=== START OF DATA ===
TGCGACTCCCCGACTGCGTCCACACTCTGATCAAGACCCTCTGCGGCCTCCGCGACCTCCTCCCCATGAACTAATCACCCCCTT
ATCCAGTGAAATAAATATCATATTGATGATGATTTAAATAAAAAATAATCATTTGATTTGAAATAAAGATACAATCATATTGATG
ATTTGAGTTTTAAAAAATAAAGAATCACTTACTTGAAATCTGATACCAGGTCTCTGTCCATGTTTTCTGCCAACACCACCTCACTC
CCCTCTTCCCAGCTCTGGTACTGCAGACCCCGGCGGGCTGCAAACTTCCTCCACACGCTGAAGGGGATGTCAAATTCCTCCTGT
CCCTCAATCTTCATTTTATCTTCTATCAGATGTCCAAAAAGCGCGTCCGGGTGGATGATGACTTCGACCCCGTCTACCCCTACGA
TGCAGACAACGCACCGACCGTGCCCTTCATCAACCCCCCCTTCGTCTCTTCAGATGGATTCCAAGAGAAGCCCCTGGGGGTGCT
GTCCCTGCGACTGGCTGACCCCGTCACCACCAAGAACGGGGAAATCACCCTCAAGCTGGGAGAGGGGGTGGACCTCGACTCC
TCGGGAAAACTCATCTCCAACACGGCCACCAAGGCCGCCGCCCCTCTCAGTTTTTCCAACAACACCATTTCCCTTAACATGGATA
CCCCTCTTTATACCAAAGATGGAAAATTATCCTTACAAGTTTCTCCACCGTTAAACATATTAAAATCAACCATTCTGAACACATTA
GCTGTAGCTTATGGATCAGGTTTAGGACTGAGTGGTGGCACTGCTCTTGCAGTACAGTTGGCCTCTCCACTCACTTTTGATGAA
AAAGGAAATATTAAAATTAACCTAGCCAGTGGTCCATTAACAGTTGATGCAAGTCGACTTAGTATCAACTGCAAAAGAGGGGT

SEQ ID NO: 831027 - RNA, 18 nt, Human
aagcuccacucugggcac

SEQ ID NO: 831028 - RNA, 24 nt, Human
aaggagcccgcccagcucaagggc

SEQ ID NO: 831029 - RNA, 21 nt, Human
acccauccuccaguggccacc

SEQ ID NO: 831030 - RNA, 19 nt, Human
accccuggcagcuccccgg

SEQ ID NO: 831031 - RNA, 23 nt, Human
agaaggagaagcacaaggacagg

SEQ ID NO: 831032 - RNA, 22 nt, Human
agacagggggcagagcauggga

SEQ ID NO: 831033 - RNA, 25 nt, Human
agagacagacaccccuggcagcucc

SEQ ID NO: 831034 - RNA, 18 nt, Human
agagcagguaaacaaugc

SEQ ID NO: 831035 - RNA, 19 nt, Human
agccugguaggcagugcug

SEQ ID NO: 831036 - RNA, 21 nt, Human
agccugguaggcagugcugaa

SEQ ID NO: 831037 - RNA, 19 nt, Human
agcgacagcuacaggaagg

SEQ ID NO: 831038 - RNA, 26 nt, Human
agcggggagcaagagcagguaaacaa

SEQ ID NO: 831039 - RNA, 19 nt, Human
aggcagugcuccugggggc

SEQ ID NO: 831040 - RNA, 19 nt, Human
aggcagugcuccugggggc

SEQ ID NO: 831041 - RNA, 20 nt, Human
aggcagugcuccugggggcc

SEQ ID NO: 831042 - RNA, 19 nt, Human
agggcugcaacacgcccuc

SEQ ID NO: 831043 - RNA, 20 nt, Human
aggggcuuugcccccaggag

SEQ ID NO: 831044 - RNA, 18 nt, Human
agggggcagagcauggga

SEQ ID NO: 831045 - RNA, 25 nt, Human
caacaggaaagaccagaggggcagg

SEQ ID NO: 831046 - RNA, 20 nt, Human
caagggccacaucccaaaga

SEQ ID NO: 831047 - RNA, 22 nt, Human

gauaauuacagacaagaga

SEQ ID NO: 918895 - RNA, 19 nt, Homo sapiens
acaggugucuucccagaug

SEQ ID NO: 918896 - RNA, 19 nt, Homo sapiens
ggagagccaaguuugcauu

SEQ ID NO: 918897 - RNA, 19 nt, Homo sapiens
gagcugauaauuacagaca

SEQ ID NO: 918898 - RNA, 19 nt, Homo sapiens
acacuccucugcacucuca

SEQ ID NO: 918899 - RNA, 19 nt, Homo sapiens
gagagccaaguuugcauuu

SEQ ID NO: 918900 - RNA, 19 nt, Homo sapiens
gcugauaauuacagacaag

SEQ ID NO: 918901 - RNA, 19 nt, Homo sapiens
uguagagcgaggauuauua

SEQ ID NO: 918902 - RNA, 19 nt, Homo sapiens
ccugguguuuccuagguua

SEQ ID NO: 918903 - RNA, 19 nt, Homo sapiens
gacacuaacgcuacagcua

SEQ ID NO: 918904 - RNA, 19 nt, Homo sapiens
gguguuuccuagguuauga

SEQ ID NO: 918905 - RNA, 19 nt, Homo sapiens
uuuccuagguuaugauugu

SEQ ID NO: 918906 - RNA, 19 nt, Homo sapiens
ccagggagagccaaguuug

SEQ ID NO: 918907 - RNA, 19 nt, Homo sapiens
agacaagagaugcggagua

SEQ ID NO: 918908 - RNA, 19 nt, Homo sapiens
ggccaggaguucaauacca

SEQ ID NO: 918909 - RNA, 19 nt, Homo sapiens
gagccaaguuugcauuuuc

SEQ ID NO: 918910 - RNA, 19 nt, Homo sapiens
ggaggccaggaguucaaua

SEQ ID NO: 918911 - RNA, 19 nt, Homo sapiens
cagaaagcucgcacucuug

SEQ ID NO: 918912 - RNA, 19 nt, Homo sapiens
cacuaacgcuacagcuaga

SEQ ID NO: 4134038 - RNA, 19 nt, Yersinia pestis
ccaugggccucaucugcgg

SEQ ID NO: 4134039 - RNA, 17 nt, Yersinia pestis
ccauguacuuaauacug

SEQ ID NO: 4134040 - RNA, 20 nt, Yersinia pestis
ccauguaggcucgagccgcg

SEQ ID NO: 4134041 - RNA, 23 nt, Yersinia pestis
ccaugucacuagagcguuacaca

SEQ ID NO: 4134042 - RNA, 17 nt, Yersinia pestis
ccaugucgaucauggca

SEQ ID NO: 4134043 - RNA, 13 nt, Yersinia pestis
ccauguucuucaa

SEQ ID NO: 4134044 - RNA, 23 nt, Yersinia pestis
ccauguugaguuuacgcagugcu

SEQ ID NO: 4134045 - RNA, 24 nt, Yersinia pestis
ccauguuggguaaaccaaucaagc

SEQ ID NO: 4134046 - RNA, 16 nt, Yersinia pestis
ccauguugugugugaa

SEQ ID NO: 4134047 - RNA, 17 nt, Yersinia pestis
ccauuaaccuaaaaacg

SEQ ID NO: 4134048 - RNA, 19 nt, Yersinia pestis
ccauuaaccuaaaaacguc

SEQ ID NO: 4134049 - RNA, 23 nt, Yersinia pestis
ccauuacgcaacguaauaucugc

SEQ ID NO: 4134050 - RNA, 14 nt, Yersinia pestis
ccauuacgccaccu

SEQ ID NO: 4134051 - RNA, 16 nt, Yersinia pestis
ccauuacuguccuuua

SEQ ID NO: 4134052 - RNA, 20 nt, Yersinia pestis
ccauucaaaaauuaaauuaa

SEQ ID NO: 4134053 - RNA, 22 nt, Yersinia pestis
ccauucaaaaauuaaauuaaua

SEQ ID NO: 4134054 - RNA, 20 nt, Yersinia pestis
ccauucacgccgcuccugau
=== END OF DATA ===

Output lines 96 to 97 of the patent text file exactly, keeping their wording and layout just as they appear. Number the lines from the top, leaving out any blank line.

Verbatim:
SEQ ID NO: 4134041 - RNA, 23 nt, Yersinia pestis
ccaugucacuagagcguuacaca